Wild garlic- Ramsons( Alliaceae family)
Season– April to early June
The smell of wild garlic in the woods right now is just divine, the leaves that squeak under my feet and the wonderfully joyful white flowers that are now sitting side by side to the magical Bluebell.
I love coming back home with the smell of wild garlic heavy on my fingers and the hem of my skirt, I remember as a child having cat that would delight in rolling about in the fresh garlic leaves every year and I would love to bury my face into his fur and breathe in heady spring forest smells.
Wild Garlic as food-
A basket full of wild garlic lifts my spirit and makes me feel buzzingly healthy just looking at it. I have so many fond memories of eating this plant, such as being in the forest with a wooden board of cheese, crusty bread, fresh sardines cooked on embers and wild garlic picked from where we were sitting served with a good glug of olive oil. Making pesto with Wild Garlic, Nettles and seeds, pounding it all together in a heavy pestle and mortar in the forest kitchen with foraging groups. Eating it in a beautiful risotto along with other wild greens, lemon juice and mushrooms along the side of a fast flowing river. These are just a few of the memories and stories that this leaf conjure up in my mind as I smell it.
I adore to pop the garlic buds into my mouth just before they open their flowers, they are a punchy hit of heat and flavour that puts a spring in my step. I have just pickled a jar of wild garlic buds while my partner has fermented a jar, I’m keen to know which one will be better, I have a feeling it will be the ferment as it will be more alive and much more to my taste flavour wise.
There is so much you can do with wild garlic and you can eat it all- leaves, roots, buds and flowers. For some people the intense hit of garlic is too much, for myself I just love it. I love the flavour and the smell and I love my bearded man smelling of it too, as to me it just smells of health and vibrancy. If it is too much for you I would recommend cooking it as this immediately softens the flavour and mellows it out to a soft background lull.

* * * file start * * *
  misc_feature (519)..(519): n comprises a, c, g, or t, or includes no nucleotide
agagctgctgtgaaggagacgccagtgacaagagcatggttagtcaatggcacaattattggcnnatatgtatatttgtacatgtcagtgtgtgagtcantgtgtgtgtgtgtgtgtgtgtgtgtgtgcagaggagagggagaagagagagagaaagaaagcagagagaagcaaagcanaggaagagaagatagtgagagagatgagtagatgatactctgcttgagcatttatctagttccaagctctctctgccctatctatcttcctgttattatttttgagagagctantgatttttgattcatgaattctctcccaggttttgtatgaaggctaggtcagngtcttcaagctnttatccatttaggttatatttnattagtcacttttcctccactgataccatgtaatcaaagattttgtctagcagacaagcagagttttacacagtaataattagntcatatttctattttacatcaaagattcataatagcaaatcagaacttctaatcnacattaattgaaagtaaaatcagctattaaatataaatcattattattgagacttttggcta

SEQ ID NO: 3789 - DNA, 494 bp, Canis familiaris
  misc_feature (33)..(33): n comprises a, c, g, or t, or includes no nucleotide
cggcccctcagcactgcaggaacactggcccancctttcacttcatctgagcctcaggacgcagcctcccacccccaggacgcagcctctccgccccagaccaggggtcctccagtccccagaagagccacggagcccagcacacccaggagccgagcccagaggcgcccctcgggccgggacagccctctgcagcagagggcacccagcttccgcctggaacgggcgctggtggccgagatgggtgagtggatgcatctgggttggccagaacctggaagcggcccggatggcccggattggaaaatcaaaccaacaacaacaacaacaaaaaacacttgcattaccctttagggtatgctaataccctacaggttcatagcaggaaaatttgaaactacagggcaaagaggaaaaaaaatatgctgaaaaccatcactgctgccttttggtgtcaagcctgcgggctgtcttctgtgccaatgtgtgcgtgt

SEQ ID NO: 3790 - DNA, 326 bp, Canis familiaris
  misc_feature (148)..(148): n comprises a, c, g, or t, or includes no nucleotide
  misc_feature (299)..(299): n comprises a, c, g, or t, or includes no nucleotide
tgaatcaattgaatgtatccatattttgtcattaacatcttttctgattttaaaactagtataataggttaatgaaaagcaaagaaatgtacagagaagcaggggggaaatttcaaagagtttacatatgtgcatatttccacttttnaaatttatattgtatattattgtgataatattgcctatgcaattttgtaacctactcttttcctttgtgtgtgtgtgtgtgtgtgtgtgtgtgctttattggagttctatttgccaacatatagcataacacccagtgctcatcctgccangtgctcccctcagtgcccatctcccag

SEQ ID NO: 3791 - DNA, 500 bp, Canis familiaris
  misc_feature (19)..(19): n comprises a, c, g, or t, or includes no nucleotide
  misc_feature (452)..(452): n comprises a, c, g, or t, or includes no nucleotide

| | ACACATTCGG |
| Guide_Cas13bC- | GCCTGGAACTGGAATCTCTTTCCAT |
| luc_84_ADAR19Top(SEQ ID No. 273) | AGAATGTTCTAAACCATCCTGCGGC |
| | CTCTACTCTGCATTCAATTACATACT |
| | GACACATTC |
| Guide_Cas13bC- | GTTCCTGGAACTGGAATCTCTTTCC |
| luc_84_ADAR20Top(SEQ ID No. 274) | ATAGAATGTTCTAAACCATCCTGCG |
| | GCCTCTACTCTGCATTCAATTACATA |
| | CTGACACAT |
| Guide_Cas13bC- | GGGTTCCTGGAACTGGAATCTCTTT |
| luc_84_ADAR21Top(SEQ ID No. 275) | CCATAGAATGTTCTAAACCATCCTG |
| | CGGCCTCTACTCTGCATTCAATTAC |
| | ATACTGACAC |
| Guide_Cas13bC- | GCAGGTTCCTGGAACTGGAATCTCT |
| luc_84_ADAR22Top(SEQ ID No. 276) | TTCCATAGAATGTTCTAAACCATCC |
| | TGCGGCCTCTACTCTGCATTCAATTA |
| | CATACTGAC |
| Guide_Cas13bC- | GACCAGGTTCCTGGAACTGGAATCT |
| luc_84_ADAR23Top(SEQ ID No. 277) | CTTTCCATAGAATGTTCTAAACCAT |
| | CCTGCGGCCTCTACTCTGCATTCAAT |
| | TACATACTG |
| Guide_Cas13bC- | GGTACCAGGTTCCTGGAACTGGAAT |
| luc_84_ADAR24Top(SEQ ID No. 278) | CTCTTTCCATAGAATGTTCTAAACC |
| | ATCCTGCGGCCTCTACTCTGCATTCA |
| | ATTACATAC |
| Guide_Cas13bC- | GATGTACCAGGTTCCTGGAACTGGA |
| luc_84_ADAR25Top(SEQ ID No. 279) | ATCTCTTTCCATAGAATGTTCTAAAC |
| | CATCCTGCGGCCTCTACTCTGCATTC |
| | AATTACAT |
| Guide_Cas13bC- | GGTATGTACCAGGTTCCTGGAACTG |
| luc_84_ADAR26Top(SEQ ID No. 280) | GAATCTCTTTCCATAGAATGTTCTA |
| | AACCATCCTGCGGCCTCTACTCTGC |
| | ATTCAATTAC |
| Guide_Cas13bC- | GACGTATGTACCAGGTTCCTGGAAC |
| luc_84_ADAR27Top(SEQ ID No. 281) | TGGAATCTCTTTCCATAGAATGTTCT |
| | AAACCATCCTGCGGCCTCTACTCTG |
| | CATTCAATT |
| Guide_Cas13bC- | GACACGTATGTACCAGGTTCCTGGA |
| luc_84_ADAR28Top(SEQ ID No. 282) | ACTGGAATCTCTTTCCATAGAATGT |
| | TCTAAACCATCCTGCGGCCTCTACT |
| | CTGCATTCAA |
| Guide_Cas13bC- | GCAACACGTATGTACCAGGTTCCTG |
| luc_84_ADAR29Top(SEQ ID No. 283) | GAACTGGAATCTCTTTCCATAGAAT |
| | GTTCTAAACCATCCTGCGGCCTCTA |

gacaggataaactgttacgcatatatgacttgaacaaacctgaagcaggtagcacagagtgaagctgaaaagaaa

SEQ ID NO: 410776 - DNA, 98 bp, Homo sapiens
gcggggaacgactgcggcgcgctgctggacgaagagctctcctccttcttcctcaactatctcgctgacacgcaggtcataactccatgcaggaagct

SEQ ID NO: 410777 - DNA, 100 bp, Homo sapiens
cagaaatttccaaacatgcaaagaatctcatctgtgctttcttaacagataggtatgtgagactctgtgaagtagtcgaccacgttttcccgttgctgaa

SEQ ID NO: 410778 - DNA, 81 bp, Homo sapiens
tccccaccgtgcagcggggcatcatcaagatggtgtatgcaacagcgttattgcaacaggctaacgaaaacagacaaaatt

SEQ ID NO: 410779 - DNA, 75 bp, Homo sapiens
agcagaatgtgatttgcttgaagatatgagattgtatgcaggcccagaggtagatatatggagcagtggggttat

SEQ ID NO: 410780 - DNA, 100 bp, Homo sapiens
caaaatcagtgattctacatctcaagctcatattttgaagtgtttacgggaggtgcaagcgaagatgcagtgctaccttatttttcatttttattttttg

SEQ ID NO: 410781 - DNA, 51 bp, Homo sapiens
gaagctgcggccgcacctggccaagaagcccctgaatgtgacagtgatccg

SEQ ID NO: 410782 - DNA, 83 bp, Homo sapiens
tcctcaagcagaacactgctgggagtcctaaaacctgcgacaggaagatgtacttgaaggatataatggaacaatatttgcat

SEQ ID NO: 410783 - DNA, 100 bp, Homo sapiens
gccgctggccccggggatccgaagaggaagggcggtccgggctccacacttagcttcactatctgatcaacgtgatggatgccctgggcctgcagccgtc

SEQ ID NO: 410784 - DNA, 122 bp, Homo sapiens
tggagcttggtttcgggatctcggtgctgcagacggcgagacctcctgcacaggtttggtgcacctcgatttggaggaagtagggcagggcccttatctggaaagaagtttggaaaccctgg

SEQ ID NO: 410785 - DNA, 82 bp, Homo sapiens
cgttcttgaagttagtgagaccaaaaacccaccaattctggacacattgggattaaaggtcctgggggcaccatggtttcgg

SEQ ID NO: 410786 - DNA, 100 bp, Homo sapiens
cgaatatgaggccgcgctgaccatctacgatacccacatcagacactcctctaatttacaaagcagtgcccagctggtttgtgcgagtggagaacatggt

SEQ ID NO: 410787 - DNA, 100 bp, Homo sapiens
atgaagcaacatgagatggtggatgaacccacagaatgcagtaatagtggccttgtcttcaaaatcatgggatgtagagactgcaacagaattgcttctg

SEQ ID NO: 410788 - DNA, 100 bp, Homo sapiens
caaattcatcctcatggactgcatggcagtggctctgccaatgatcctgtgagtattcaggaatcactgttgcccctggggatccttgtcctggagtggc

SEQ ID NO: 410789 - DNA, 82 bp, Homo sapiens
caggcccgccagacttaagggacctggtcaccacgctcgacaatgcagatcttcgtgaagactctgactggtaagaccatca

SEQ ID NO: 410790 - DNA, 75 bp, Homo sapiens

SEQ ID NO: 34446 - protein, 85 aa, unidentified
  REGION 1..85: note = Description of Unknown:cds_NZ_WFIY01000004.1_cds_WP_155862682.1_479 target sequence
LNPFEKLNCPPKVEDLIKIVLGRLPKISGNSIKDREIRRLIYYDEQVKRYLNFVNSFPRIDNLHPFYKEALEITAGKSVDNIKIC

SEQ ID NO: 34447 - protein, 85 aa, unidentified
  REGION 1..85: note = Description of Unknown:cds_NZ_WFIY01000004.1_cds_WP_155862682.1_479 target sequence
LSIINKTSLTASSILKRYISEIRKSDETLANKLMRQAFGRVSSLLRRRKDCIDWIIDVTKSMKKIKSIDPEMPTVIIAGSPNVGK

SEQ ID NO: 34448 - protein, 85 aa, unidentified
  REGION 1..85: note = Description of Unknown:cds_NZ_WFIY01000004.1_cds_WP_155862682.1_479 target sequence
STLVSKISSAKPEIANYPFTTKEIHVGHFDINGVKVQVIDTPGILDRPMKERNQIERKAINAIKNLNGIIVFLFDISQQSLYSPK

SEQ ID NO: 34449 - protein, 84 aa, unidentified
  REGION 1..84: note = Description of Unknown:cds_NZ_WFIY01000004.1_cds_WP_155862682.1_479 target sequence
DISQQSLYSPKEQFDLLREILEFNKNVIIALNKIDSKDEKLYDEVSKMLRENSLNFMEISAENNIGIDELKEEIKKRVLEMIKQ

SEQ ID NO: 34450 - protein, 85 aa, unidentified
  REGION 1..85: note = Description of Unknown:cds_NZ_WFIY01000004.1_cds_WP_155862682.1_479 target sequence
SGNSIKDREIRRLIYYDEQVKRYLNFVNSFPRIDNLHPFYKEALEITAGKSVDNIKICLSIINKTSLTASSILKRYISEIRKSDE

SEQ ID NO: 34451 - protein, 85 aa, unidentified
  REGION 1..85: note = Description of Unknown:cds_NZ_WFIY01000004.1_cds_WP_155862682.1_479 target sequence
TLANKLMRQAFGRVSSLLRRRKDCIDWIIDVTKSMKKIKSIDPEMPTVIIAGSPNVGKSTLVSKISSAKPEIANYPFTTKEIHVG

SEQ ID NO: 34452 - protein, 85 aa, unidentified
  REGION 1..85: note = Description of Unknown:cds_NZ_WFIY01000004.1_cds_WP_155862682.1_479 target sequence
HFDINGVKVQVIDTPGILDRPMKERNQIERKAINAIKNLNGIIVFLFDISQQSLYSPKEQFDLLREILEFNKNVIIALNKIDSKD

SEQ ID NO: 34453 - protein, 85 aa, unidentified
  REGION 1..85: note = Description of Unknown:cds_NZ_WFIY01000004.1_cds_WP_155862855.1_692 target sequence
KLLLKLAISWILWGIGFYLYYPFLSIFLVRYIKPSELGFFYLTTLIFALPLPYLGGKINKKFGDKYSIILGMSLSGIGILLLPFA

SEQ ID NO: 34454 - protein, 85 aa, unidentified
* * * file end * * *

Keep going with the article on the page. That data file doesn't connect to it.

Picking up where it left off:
Wild garlic is such a beneficial plant to have in your diet as it helps to cleanse the blood, ward off infections and boost the immune system. I like to try and find subtle and easy ways in which I can have it everyday throughout the Spring. Such as making a vinegar with it or an oil that I can add to meals everyday.
Here are a few gorgeously tasty things I have made with wild garlic that might give you an idea of the things you can try at home-
- Infused wild garlic oil- I just let the leaves sit in the organic olive oil for a few days before taking them out and then using the oil on salads and other dishes.
- Chucked in with warm new potatoes
- Added to salads
- Made into soups
- Sauces to go alongside meats, fish and veggie options
- Pickled garlic buds
- Juiced into a salad dressing
- Added into a soft cheese
- Adding to a cheese sandwich
- wild garlic risotto
Wild Garlic as medicine–
Food IS medicine and wild garlic is full of goodness that will leave your body singing. Not only does it lift the soul but it is full of vitamins, potassium, magnesium, protein and iron and is antibacterial, antibiotic, anti fungal and antiseptic. Used to treat yeast related infections and normalise gut flora this green beauty is a great ally to have on your plate.
Wild garlic clears the chest and frees the body by getting the circulation going, lowering blood pressure, and helping keep the heart healthy. It is a great spring herb for keeping sniffles, coughs and colds at bay. Wild garlic has been shown to reduce toxins in the liver and help flush through your whole system.
There are so many other things you can do with this amazing plant. If you don’t do any of the above things I would still recommend getting out amongst the trees, lying down surrounded by squeaky garlic leaves and explosions of deep scented white garlic flowers. Breath in the scent and nibble a few leaves.
Here are a few things you need to know before picking wild garlic. Be aware of its poisonous and deadly lookalike- Lilly of the valley. Which grows in a similar way and conditions to wild garlic. To ID wild garlic well remember to use your senses- foraging to me is all about your senses, it’s about getting on your knees and touching, smelling, listening and looking at the plant. Wild garlic leaves will squeak when you brush them together and they will of course smell of garlic or onions. Lilly of the valley usually flowers from may to June where as Wild garlic will usually flower from April to May. The leaves are a good way of telling too, wild garlic leaves grow from a single stem, Lilly of the valley will have three leaves per stem. The flower is very different too, wild garlic explodes in a globe of star shaped white flowers where as Lilly of the valley has little bell like flowers. If you are less than 100% sure on any plant then please don’t pick it or eat it. Ask a local foraging expert.